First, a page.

Posted: 15 Feb. 2019 5 min. read

Brexit: As time ticks on - be tactical

With just six weeks until the scheduled Brexit date of 29th March and no clarity as to where the exit deal may end up, the risk of disruption to supply chains, market access and workforce continues to loom large in the minds of business leaders.  As Greg Clark (the UK Business Secretary) pointed out at a recent Parliamentary Select Committee, exporters shipping to Asia are sending consignments now that will arrive after Brexit, so for the next few weeks there is uncertainty as to whether their goods will be subject to increased tariffs, or even accepted at port on arrival because of delays in ‘rolling over’ EU trade agreements.

Most businesses have by now done some Brexit planning, but Deloitte surveys over the past 2 weeks show that few feel that they have comprehensive plans in place, and fewer still have started to implement them outside of the automotive and financial services sectors.  We still see some adopting a ‘wait and see’ strategy but as time ticks on and the uncertainty continues, these judgement calls are being re-visited.  Brexit is more frequently appearing on risk registers and we are seeing increasing levels of scrutiny in the past few weeks by audit committees and at Board level.

So at this late stage, can business realistically do anything to identify, or reassess, and actually mitigate their risks?

Yes. The key is to identify actions of ‘no-regret’ – those steps that divert as little resource as possible, and potentially add value to your business whatever direction Brexit heads. There is still time to take short term tactical actions over the next few weeks to better prepare your business for a range of potential outcomes, including no-deal.

Here are seven actions to support your Brexit preparations now:

  • Market access: assess what might hinder your ability to sell goods and services both inside and outside of the EU, including the potential loss of EU Trade Agreements; for example, tariffs, authorisations, licences, regulation, labelling or domestic restrictions.
  • Supply chain and customs: map your supply chain, register for an Economic Operators Registration and Identification (EORI) number, get ready to complete and submit new customs declaration forms, and consider stockpiling/accelerating exports.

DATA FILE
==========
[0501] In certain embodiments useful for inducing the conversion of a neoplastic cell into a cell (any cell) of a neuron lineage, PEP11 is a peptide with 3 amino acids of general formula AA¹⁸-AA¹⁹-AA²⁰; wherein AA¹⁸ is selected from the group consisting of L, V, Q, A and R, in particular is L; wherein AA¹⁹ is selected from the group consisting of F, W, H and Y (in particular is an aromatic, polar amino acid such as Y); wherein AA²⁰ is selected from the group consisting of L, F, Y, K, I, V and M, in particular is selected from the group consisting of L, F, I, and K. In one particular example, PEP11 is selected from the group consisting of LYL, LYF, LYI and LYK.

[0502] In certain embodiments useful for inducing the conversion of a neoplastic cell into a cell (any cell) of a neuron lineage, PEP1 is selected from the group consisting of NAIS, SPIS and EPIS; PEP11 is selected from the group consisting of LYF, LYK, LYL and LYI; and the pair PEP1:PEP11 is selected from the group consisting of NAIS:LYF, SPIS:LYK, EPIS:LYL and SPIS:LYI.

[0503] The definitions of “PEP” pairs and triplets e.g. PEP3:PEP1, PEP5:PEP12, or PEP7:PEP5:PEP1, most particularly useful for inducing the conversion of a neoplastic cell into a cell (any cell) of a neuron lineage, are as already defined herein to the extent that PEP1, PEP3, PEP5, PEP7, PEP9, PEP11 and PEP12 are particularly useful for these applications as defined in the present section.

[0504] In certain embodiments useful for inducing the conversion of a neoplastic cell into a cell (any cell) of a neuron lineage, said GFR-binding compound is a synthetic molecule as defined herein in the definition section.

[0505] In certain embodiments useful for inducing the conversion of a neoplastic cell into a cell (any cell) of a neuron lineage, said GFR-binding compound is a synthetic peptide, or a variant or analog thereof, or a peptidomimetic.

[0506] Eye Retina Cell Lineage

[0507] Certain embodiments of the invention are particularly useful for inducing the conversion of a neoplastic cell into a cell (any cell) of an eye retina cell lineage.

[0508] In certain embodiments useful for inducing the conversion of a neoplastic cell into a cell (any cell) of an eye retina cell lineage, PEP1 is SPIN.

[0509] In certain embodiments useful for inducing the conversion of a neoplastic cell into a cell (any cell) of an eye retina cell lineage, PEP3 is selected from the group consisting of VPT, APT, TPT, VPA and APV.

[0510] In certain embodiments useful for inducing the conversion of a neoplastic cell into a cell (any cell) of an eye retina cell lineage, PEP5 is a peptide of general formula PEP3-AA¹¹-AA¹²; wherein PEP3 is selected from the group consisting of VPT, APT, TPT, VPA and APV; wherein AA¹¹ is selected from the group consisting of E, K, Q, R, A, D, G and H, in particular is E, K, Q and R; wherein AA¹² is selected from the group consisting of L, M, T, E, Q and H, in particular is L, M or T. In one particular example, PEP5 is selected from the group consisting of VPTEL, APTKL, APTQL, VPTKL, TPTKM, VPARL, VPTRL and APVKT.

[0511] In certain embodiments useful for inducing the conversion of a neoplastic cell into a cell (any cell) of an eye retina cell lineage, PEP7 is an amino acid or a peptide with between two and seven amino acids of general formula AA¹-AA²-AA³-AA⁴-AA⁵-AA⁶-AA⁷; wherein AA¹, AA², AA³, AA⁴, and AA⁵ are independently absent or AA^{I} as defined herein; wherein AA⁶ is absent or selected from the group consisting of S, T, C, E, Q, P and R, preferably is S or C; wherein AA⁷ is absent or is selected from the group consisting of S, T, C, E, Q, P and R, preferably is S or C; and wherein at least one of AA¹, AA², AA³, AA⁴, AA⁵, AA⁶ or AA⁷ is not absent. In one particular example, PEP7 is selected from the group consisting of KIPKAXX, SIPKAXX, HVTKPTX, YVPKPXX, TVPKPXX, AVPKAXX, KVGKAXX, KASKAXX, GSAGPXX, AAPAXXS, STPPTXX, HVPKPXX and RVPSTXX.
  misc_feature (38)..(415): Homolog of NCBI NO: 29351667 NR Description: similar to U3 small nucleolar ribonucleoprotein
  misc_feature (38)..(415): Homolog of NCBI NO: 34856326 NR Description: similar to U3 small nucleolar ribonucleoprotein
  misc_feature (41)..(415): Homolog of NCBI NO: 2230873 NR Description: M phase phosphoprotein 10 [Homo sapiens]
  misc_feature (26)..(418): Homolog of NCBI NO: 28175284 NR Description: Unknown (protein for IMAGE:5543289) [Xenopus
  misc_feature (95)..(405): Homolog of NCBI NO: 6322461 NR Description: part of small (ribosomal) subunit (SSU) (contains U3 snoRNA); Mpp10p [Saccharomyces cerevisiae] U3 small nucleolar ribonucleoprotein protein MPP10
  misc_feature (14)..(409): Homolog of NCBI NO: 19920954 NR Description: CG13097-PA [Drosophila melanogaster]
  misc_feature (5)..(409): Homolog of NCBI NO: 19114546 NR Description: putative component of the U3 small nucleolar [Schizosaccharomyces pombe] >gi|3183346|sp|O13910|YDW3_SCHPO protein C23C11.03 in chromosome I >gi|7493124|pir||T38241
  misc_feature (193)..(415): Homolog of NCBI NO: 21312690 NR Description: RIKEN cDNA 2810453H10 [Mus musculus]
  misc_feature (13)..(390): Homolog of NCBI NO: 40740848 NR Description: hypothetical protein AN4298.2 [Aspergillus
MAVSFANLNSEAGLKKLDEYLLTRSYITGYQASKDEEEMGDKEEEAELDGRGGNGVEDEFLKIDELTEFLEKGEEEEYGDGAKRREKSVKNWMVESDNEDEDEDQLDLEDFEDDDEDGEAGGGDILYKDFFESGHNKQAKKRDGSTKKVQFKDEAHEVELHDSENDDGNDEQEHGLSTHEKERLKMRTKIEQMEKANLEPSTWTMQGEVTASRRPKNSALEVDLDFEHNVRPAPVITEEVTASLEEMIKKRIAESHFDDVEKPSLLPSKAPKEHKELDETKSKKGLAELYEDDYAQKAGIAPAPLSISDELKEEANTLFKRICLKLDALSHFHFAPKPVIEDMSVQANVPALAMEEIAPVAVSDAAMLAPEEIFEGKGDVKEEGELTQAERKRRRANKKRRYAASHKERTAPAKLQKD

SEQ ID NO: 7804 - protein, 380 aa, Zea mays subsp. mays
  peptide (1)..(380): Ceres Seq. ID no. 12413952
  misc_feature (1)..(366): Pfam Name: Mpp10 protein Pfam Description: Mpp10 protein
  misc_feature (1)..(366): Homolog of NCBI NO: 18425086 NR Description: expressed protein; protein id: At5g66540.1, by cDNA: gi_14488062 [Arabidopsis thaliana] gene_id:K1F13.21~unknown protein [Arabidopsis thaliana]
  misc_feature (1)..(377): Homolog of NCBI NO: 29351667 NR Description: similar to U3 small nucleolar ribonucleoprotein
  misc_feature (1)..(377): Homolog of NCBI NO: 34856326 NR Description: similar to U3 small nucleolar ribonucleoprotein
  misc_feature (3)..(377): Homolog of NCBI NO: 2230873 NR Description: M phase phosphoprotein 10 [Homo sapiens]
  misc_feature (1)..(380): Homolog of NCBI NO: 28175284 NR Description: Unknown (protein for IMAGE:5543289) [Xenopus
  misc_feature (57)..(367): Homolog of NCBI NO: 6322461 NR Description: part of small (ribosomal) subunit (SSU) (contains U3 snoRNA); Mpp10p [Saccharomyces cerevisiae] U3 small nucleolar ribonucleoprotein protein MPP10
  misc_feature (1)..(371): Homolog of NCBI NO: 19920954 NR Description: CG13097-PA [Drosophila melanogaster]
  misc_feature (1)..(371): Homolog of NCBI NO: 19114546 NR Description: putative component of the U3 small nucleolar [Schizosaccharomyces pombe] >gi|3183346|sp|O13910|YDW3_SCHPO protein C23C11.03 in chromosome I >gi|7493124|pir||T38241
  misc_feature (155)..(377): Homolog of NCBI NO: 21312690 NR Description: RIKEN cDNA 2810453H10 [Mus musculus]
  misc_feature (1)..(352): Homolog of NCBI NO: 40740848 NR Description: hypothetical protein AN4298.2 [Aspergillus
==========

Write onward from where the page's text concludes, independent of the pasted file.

• Brexit risk management and monitoring: review whether your risk register is comprehensive. Assess UK government technical notices (www.gov.uk/brexit), as well as EU and global government communications and regulatory changes to ensure compliance.
  • Contract and legal review: assess commercial contracts, and re-negotiate terms – for instance, delivery terms and penalty clauses – to protect against Brexit risks. Also look at whether you can transfer data cross border if needed and if your trademarks are protected after Brexit.
  • People: monitor government announcements both in UK and in each of the EU countries, agree your workforce support and engagement strategy, including business travel policy around 29th March. Make regular communications to your employees explaining their right to reside and work status.
  • Financials: model the potential impact of no-deal in your budget and forecast to cover currency fluctuation, customer demand, access to capital, costs or tariffs. Consider whether you could access government grants for Brexit expenditure in the UK or EU.
  • Stakeholders: talk to your audit committees, draft customer communications, agree a strategy with key suppliers, engage with government, regulators and trade bodies and maintain conversations with investors.

Even seemingly straightforward actions can turn out to be complex. For instance, an application for an EORI number should be a simple online process – but is proving problematic: if you already have a number allocated in another EU country, a UK one won’t be granted until the UK leaves the EU (and vice versa) so there could be a short hiatus period to be managed, for example by appointing an agent to make declarations.  Businesses need to understand issues like this sooner rather than later to avoid disruption.

Download Brexit Tactics for the full version of Deloitte’s Brexit tactical actions checklist.

For support in assessing or establishing your Brexit related plans, you can email us.

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Key contact:

Amanda Tickel

Amanda Tickel

Head of Tax & Trade Policy

Amanda is Head of Tax & Trade Policy for Deloitte UK. She leads a team undertaking analysis and preparing insights across the spectrum of tax and trade matters including Budgets, technical consultations, trade negotiations and post-Brexit border rules. Amanda has held a wide number of roles during her career including leading client relationships, global representative to the OECD, mentoring and non-executive board roles. As well as previously being a partner at another Big 4 firm, she was in industry at Vodafone plc as global head of indirect taxes and responsible for managing tax value chain and centralisation initiatives. Amanda has an active home life with four children and is also passionate about horses, riding whenever free time permits and supporting the charity World Horse Welfare including volunteering as Trustee and Treasurer for 7 years.